Cultural competence and perceptions of community health workers' effectiveness for reducing health care disparities.

Published

Journal Article

Community health worker (CHW) interventions improve health outcomes of patients from underserved communities, but health professionals' perceptions of their effectiveness may impede integration of CHWs into health care delivery systems. Whether health professionals' attitudes and skills, such as those related to cultural competence, influence perceptions of CHWs, is unknown.A questionnaire was administered to providers and clinical staff from 6 primary care practices in Maryland from April to December 2011. We quantified the associations of self-reported cultural competence and preparedness with attitudes toward the effectiveness of CHWs using logistic regression adjusting for respondent age, race, gender, provider/staff status, and years at the practice.We contacted 200 providers and staff, and 119 (60%) participated. Those reporting more cultural motivation had higher odds of perceiving CHWs as helpful for reducing health care disparities (odds ratio [OR] = 9.66, 95% confidence interval [CI] = 3.48-28.80). Those reporting more frequent culturally competent behaviors also had higher odds of believing CHWs would help reduce health disparities (OR = 3.58, 95% CI = 1.61-7.92). Attitudes toward power and assimilation were not associated with perceptions of CHWs. Cultural preparedness was associated with perceived utility of CHWs in reducing health care disparities (OR = 2.33, 95% CI = 1.21-4.51).Providers and staff with greater cultural competence and preparedness have more positive expectations of CHW interventions to reduce healthcare disparities. Cultural competency training may complement the use of CHWs and support their effective integration into primary care clinics that are seeking to reduce disparities.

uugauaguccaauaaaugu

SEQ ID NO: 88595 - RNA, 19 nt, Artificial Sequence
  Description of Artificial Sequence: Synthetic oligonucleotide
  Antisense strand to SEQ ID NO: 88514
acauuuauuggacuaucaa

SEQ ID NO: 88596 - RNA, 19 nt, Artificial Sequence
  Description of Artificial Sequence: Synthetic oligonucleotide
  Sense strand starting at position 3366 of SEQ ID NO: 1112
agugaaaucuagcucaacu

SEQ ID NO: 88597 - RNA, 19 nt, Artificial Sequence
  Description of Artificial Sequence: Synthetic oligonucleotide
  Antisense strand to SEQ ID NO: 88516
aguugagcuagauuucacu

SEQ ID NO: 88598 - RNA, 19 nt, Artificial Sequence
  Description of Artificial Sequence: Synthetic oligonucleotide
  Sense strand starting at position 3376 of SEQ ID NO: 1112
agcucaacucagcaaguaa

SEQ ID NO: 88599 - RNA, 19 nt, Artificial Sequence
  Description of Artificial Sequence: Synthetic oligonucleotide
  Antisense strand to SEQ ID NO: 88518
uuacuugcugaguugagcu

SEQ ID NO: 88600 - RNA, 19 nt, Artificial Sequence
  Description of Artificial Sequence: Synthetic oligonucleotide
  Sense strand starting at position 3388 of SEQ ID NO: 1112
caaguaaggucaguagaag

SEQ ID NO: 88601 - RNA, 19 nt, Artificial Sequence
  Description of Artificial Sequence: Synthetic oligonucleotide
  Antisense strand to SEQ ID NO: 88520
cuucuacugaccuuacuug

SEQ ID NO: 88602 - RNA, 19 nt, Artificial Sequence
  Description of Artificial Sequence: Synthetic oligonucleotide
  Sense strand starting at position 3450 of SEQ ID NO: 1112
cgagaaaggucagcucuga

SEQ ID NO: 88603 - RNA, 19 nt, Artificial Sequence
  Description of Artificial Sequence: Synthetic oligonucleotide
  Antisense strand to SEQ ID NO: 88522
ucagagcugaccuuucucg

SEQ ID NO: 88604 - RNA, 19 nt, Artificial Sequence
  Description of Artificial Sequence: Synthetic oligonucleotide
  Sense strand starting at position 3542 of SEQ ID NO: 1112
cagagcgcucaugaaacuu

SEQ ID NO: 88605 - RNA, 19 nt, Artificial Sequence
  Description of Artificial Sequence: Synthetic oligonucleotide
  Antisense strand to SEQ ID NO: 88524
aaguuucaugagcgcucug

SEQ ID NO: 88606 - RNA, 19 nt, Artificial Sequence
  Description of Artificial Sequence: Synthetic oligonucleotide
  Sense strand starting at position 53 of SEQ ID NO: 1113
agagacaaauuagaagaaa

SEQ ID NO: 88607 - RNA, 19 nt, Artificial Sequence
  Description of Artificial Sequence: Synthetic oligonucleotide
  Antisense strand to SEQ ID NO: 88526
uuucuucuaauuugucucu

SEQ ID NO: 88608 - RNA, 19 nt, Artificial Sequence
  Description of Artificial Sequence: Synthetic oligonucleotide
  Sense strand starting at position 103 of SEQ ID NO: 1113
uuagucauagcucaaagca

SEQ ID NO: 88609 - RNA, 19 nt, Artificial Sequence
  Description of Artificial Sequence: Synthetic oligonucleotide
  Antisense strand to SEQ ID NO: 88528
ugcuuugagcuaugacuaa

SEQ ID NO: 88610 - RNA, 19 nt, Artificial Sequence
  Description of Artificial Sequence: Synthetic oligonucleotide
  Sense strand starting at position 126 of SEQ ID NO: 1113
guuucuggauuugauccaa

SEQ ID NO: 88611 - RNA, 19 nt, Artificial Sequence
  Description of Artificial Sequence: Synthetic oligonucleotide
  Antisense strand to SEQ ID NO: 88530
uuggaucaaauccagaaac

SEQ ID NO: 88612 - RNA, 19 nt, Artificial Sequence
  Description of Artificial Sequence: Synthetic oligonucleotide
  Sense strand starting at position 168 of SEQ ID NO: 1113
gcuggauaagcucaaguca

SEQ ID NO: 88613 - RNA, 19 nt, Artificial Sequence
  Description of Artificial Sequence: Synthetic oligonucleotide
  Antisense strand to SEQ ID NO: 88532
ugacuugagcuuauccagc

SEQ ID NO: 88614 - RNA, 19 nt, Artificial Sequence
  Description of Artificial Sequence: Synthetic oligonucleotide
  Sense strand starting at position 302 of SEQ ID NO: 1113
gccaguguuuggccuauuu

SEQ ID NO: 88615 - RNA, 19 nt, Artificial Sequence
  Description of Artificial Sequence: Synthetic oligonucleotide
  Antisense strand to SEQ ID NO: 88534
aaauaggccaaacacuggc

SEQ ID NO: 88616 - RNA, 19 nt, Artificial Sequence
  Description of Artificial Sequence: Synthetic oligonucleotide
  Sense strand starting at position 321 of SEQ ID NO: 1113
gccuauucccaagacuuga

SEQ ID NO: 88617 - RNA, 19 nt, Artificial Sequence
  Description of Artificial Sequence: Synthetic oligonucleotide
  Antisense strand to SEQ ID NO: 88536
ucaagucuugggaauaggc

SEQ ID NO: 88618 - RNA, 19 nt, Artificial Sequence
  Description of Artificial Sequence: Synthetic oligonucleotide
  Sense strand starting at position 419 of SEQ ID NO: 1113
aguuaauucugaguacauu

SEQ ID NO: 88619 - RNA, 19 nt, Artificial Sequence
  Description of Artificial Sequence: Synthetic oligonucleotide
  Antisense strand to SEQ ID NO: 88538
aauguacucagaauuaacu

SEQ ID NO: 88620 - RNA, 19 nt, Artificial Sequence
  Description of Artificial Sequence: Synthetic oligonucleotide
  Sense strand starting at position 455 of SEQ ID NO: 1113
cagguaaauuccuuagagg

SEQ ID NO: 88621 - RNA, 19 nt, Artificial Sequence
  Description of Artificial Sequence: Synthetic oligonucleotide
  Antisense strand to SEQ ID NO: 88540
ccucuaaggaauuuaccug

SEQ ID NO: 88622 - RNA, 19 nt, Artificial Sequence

Full Text

Duke Authors

Cited Authors

  • Mobula, LM; Okoye, MT; Boulware, LE; Carson, KA; Marsteller, JA; Cooper, LA

Published Date

  • January 2015

Published In

Volume / Issue

  • 6 / 1

Start / End Page

  • 10 - 15

PubMed ID

  • 24986493

Pubmed Central ID

  • 24986493

Electronic International Standard Serial Number (EISSN)

  • 2150-1327

International Standard Serial Number (ISSN)

  • 2150-1319

Digital Object Identifier (DOI)

  • 10.1177/2150131914540917

Language

  • eng